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Voltage- and Ca2+-dependent burst generation in neuroendocrine dahlgren cells in the teleost platichthys flesus

Brierley, M. J., Bauer, C. S., Lu, W., Riccardi, Daniela, Balment, R. J. and McCrohan, C. R. 2004. Voltage- and Ca2+-dependent burst generation in neuroendocrine dahlgren cells in the teleost platichthys flesus. Journal of Neuroendocrinology 16 (10) , pp. 832-841. 10.1111/j.1365-2826.2004.01238.x

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Abstract

The neuroendocrine Type 1 Dahlgren cells of the caudal neurosecretory system of the flounder display characteristic bursting activity, which may increase secretion efficiency. The firing activity pattern in these cells was voltage-dependent; when progressively depolarized, cells moved from silent (approximately −70 mV), through bursting and phasic to tonic firing (< −65 mV). Brief (10 s) evoked bursts of spikes were followed by a slow after-depolarization (ADP; amplitude up to 10 mV, duration 10–200 s), which was also voltage-dependent and could trigger a prolonged burst. The ADP was significantly reduced in the absence of external Ca2+ ions or the presence of the L-type Ca2+ channel blocker, nifedipine. BayK 8644 (which increases L-type channel open times) significantly increased ADP duration, whereas the Ca2+-activated nonselective cation channel blocker, flufenamic acid, had no effect. Pharmacological blockade of Ca2+-activated K+ channels, using apamin and charybdotoxin, increased the duration of both ADP and evoked bursts. However, action potential waveform was unaffected by either apamin/charybdotoxin, nifedipine, BayK 8644 or removal of external Ca2+. The short duration (approximately 100 ms), hyperpolarization-activated, postspike depolarizing afterpotentials (DAP), were significantly reduced by nifedipine. We propose that long duration ADPs underlie bursts and that short duration DAPs play a role in modulation of spike frequency.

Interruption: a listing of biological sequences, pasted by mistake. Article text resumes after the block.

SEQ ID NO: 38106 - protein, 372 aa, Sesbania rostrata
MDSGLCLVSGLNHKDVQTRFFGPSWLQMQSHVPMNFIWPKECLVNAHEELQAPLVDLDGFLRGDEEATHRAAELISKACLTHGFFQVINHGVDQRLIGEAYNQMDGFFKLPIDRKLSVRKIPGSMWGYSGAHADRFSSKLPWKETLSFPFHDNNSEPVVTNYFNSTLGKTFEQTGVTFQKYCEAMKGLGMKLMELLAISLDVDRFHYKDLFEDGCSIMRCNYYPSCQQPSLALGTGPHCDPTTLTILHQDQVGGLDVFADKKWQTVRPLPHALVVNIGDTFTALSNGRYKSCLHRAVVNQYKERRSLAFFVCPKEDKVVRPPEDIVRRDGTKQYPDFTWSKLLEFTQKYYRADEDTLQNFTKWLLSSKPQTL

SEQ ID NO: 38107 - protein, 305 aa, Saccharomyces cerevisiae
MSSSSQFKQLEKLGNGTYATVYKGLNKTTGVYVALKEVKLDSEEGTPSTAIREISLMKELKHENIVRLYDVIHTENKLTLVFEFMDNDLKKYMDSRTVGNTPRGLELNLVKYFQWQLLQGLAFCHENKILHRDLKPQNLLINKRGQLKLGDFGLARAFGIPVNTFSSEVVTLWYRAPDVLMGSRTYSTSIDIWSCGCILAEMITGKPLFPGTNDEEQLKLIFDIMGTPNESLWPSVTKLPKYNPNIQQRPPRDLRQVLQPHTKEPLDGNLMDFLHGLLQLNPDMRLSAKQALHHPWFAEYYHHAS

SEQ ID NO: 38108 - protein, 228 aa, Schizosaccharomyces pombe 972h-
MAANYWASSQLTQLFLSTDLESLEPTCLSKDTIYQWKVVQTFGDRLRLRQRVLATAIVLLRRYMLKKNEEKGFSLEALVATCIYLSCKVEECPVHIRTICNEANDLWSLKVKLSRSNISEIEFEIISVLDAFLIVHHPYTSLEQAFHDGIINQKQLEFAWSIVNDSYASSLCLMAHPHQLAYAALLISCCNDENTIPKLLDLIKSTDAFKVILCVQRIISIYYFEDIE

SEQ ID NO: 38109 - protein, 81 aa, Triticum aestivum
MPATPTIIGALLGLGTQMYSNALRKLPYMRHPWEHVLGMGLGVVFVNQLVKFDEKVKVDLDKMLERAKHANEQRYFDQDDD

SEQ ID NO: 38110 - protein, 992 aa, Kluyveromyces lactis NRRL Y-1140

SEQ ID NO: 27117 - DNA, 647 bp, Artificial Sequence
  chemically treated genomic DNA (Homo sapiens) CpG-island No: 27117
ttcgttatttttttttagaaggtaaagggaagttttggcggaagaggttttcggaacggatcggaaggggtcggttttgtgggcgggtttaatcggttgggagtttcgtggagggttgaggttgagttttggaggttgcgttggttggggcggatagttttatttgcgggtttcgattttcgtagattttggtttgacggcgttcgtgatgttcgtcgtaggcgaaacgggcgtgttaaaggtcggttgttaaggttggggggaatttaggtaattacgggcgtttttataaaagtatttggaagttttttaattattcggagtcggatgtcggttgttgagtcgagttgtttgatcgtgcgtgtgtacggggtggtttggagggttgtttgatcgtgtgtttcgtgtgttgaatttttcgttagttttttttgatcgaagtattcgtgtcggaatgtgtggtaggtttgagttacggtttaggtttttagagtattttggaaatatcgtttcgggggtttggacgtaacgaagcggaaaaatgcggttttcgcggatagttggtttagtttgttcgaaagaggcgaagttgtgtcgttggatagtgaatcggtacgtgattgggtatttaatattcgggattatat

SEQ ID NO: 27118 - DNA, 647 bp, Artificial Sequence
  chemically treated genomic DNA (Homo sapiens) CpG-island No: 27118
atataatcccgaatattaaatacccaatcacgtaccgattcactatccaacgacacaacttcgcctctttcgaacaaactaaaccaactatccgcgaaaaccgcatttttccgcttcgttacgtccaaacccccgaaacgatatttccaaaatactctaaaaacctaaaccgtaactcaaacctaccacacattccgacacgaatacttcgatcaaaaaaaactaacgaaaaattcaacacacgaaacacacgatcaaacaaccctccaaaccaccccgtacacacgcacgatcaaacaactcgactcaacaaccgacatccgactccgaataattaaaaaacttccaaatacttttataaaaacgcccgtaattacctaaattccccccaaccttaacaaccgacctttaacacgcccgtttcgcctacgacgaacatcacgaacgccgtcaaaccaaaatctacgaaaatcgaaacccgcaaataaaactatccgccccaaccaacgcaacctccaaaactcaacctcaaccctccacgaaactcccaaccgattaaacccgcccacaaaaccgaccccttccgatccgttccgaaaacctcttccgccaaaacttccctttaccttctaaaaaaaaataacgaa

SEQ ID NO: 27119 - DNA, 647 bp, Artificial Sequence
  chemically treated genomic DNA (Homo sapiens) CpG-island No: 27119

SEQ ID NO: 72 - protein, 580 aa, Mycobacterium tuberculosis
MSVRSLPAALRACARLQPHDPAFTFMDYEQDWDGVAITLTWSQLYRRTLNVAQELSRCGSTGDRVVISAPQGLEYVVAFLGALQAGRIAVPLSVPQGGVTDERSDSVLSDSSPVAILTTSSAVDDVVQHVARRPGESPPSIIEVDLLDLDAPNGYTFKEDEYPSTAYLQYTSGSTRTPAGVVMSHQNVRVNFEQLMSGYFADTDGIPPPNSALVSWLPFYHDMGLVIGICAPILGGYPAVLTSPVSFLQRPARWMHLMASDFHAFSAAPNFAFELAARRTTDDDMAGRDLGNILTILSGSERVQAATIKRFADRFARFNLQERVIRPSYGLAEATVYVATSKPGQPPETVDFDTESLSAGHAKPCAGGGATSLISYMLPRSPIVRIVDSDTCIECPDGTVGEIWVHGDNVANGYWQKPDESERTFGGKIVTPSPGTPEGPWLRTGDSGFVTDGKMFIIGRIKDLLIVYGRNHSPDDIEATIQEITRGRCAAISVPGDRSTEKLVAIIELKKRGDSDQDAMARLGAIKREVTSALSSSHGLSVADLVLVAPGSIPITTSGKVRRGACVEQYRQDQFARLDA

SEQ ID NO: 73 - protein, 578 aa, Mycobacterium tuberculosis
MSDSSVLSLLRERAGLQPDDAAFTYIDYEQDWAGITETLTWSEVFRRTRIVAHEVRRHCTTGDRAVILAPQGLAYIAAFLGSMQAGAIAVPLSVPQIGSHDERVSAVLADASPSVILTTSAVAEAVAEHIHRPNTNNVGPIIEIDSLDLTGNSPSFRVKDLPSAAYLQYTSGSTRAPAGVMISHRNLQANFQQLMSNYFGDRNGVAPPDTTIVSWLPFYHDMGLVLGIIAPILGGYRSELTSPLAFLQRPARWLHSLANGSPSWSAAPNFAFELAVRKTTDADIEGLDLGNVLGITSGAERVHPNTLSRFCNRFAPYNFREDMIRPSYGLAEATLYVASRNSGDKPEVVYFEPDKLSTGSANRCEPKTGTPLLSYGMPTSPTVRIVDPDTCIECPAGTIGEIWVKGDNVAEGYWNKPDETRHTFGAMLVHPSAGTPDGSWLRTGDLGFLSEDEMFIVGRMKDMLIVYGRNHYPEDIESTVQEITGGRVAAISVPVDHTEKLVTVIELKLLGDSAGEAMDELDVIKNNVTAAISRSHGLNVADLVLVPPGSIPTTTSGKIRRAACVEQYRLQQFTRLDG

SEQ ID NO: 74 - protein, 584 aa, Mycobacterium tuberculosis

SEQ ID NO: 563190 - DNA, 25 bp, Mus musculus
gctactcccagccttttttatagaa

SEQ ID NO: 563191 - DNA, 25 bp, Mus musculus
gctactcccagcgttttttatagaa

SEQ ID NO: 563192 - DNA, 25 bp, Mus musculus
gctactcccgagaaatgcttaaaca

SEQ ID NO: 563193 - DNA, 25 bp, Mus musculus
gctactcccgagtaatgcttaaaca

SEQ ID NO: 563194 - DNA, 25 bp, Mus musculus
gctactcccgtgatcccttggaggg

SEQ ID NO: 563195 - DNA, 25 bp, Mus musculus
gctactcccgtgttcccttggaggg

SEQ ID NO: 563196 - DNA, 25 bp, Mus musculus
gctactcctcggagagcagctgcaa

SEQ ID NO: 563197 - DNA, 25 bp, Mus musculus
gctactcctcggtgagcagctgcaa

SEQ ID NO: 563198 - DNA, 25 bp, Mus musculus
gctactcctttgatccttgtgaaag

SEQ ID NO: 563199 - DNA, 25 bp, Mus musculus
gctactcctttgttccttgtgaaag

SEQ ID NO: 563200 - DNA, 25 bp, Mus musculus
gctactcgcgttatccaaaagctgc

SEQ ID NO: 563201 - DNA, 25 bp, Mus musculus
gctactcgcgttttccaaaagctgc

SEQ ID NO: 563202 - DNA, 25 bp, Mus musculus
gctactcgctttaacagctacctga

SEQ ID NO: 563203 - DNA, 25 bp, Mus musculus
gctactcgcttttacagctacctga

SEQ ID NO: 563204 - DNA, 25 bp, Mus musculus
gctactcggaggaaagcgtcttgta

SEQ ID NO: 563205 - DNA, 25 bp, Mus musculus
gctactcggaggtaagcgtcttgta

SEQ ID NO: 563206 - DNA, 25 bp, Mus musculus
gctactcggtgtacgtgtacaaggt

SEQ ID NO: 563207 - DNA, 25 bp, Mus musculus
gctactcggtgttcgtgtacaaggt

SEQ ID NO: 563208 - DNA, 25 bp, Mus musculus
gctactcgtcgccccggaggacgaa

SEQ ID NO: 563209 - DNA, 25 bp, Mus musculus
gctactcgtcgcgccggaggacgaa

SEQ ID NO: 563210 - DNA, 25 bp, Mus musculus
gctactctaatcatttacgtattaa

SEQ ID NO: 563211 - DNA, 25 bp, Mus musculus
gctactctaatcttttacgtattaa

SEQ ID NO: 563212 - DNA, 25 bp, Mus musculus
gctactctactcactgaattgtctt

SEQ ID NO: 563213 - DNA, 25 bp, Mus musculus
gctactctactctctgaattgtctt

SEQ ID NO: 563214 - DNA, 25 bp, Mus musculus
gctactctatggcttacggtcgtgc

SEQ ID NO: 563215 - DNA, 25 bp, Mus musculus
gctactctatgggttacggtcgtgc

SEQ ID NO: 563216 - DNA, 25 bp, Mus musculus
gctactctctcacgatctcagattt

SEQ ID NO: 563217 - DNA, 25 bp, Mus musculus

Item Type: Article
Date Type: Publication
Status: Published
Schools: Biosciences
Publisher: Wiley-Blackwell
ISSN: 0953-8194
Last Modified: 04 Jun 2017 06:40
URI: http://orca-mwe.cf.ac.uk/id/eprint/63462

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